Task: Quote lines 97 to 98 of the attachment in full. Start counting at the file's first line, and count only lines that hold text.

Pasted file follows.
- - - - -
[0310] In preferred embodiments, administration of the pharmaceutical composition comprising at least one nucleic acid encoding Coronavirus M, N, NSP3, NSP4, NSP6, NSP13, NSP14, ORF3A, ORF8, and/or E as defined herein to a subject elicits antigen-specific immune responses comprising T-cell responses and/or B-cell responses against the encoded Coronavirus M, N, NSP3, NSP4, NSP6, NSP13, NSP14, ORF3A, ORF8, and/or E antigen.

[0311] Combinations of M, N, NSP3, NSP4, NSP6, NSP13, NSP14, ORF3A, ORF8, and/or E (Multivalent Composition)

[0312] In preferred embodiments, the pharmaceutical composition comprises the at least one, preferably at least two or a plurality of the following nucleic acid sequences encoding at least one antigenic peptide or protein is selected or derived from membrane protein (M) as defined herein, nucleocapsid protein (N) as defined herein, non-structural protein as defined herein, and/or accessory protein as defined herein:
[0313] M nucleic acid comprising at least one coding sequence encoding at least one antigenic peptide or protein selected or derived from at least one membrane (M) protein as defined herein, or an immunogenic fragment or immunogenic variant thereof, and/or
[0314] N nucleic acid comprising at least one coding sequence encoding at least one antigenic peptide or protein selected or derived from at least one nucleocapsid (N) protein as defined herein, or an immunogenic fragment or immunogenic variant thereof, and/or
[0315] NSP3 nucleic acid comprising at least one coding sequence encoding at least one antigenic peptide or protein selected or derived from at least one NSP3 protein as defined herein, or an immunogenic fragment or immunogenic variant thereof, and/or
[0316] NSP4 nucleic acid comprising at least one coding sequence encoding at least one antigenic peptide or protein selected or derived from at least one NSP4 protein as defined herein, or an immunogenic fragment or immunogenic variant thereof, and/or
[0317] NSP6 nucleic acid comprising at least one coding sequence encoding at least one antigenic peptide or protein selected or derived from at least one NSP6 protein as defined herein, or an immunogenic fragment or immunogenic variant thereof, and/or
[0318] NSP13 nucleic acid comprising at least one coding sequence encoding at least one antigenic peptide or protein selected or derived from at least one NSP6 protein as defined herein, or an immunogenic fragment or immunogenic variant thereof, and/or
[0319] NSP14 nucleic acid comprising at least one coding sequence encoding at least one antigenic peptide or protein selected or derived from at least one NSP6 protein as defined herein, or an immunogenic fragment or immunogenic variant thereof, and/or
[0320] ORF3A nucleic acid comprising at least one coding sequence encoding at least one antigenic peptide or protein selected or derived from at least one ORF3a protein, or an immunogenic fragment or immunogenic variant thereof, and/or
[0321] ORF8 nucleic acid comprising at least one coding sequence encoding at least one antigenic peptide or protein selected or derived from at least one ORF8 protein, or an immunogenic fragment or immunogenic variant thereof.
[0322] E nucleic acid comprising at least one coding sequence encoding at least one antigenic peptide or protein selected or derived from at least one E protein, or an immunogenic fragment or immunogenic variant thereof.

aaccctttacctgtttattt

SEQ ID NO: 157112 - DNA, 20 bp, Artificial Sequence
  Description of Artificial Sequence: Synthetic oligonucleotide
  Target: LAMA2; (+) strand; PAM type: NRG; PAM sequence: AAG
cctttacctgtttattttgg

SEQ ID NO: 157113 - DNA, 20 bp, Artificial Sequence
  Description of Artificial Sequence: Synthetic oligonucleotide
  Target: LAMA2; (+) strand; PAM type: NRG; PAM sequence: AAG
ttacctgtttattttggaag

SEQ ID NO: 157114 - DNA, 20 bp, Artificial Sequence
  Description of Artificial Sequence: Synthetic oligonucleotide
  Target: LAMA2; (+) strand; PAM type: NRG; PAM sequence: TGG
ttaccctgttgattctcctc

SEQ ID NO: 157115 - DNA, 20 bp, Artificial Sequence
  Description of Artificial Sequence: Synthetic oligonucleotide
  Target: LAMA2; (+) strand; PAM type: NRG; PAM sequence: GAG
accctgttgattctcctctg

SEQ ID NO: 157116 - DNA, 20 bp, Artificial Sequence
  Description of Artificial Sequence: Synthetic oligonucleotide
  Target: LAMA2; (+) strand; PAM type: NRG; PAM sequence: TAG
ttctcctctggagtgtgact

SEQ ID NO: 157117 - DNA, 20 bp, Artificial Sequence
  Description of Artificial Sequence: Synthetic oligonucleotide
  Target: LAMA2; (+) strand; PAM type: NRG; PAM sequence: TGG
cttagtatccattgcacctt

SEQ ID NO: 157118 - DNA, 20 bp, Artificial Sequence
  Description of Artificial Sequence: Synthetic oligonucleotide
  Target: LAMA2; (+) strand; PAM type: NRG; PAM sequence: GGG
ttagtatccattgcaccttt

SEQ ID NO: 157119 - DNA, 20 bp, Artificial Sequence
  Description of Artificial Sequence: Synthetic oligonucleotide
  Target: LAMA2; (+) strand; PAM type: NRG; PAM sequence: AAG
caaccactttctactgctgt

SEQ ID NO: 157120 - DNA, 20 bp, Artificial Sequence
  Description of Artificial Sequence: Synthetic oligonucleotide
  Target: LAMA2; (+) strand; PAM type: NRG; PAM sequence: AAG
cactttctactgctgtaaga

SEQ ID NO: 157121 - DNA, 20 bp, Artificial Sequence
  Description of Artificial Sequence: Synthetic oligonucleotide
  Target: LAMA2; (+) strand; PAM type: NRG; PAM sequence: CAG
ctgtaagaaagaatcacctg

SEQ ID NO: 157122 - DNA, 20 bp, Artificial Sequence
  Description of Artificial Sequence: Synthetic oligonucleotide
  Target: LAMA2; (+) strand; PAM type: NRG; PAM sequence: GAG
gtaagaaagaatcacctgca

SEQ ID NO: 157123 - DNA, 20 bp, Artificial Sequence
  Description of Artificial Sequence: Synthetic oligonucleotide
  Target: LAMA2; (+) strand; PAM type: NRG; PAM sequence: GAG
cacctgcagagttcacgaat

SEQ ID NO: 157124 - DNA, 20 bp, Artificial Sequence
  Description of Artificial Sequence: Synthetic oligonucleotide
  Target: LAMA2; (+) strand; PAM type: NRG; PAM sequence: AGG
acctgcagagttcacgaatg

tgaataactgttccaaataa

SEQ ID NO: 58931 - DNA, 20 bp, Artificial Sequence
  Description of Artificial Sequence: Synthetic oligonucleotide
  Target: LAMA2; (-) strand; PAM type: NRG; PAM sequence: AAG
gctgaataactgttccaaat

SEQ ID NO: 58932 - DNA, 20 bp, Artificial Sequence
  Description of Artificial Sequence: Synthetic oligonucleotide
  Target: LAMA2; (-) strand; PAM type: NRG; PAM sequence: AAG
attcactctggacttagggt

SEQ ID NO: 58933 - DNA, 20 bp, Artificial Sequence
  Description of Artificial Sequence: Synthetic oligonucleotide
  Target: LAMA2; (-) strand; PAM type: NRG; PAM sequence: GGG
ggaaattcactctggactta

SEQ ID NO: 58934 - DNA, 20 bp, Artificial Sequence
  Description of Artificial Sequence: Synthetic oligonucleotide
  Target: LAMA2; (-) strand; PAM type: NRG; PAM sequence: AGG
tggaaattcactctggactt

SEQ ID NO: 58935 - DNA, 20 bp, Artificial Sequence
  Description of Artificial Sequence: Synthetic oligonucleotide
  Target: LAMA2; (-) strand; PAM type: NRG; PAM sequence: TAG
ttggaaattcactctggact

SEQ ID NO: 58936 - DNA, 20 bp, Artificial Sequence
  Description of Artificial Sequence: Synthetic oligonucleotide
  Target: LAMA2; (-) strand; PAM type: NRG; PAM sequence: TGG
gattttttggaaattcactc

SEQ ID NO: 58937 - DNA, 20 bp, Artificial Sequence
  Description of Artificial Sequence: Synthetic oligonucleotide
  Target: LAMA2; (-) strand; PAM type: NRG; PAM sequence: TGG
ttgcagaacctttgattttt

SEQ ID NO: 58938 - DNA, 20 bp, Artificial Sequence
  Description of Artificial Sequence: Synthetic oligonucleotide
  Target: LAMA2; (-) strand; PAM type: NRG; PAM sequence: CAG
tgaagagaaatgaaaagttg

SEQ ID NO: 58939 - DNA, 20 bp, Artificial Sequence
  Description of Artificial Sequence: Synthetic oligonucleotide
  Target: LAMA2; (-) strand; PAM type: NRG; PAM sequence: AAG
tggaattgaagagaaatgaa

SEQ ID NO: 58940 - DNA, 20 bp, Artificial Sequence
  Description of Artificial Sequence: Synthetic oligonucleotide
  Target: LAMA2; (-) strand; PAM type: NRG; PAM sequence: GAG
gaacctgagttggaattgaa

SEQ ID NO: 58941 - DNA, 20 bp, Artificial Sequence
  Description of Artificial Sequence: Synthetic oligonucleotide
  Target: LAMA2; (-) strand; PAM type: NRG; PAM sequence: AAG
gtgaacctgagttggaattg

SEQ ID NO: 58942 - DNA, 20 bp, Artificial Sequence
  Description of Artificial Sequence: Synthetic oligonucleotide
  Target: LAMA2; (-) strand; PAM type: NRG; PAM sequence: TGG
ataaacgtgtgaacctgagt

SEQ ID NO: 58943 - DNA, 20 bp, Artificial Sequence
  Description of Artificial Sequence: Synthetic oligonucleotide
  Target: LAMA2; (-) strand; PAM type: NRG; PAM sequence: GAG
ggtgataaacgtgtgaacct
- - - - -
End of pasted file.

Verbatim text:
  Description of Artificial Sequence: Synthetic oligonucleotide
  Target: LAMA2; (-) strand; PAM type: NRG; PAM sequence: CAG